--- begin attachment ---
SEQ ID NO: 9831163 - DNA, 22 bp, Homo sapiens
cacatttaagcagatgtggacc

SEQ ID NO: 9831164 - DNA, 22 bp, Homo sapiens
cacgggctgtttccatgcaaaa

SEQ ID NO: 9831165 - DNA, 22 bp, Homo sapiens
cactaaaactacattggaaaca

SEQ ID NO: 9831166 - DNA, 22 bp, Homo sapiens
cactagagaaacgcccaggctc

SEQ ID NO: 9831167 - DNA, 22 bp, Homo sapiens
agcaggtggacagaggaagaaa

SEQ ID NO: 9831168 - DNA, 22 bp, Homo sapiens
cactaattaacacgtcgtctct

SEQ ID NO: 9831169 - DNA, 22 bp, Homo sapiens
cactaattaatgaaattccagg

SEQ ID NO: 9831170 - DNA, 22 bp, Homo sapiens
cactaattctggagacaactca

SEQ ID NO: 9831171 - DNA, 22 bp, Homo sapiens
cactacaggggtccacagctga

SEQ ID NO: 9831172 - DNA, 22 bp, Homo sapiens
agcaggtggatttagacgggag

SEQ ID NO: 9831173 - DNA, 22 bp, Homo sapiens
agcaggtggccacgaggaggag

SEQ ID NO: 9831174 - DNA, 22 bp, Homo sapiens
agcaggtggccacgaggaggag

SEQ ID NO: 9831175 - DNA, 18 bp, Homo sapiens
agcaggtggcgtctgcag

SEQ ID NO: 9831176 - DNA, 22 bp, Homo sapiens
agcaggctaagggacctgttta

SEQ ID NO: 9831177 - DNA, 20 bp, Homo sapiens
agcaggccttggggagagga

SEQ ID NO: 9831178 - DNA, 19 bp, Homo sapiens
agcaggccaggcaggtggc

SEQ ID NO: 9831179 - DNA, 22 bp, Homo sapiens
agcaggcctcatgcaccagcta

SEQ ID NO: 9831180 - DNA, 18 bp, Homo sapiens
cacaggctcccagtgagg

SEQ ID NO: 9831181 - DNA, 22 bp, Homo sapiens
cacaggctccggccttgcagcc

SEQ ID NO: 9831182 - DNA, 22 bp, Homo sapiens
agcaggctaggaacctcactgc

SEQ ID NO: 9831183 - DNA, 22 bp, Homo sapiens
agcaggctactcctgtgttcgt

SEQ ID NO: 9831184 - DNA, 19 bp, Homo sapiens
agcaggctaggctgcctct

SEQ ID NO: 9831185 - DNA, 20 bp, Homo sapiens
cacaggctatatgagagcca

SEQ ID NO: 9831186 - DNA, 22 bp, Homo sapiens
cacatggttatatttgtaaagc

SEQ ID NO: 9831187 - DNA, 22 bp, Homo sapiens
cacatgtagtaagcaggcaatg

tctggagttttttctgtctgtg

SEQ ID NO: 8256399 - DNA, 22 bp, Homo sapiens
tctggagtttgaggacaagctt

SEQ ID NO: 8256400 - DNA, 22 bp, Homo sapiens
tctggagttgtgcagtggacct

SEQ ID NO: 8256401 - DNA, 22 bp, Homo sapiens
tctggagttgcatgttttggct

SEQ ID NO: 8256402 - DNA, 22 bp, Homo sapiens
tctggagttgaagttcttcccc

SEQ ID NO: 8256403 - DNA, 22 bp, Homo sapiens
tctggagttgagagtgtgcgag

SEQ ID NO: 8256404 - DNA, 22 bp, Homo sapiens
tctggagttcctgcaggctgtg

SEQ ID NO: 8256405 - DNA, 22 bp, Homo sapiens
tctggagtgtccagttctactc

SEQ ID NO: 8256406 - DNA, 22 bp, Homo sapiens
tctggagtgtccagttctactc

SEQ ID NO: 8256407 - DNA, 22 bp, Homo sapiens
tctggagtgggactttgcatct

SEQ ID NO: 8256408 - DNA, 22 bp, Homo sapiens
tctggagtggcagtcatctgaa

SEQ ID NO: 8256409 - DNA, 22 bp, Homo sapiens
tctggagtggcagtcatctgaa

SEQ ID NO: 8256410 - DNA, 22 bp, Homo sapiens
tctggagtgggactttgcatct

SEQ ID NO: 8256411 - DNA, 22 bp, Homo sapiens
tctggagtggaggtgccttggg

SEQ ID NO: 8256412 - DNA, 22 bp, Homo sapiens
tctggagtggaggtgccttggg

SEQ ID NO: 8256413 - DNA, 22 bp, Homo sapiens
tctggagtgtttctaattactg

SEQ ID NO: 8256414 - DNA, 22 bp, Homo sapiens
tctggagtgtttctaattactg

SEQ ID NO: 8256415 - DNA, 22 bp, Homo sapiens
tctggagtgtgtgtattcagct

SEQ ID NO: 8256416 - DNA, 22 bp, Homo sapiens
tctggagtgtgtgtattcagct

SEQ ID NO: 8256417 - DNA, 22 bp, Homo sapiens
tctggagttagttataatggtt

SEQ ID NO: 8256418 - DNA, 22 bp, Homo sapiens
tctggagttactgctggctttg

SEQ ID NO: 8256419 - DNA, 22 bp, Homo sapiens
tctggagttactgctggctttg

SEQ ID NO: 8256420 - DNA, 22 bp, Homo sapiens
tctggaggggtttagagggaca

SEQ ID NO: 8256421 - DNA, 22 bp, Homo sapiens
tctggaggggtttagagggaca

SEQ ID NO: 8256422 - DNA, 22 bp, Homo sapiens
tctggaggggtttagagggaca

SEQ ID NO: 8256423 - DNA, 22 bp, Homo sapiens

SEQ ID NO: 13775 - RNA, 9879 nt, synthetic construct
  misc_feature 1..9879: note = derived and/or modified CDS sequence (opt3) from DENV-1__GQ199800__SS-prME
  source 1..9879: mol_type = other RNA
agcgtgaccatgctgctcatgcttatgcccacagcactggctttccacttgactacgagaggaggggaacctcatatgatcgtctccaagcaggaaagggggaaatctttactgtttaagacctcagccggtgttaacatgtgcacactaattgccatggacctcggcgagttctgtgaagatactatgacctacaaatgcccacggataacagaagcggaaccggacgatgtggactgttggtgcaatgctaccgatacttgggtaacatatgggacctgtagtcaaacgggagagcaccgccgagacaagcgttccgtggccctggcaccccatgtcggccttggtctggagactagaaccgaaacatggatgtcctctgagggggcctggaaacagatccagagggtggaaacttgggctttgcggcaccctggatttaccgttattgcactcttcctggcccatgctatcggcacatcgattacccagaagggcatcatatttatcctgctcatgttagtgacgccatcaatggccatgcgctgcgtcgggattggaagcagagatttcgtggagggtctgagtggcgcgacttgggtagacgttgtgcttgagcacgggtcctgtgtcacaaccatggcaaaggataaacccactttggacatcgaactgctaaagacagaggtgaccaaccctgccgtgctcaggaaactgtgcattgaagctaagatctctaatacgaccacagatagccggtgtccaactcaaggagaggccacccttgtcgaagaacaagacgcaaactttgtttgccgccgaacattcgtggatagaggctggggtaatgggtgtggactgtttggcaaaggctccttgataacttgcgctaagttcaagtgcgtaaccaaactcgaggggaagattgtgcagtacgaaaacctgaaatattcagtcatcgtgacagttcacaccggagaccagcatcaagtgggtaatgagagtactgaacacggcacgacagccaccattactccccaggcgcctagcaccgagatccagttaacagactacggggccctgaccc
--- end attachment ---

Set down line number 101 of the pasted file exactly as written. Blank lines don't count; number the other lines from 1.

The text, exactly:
SEQ ID NO: 13775 - RNA, 9879 nt, synthetic construct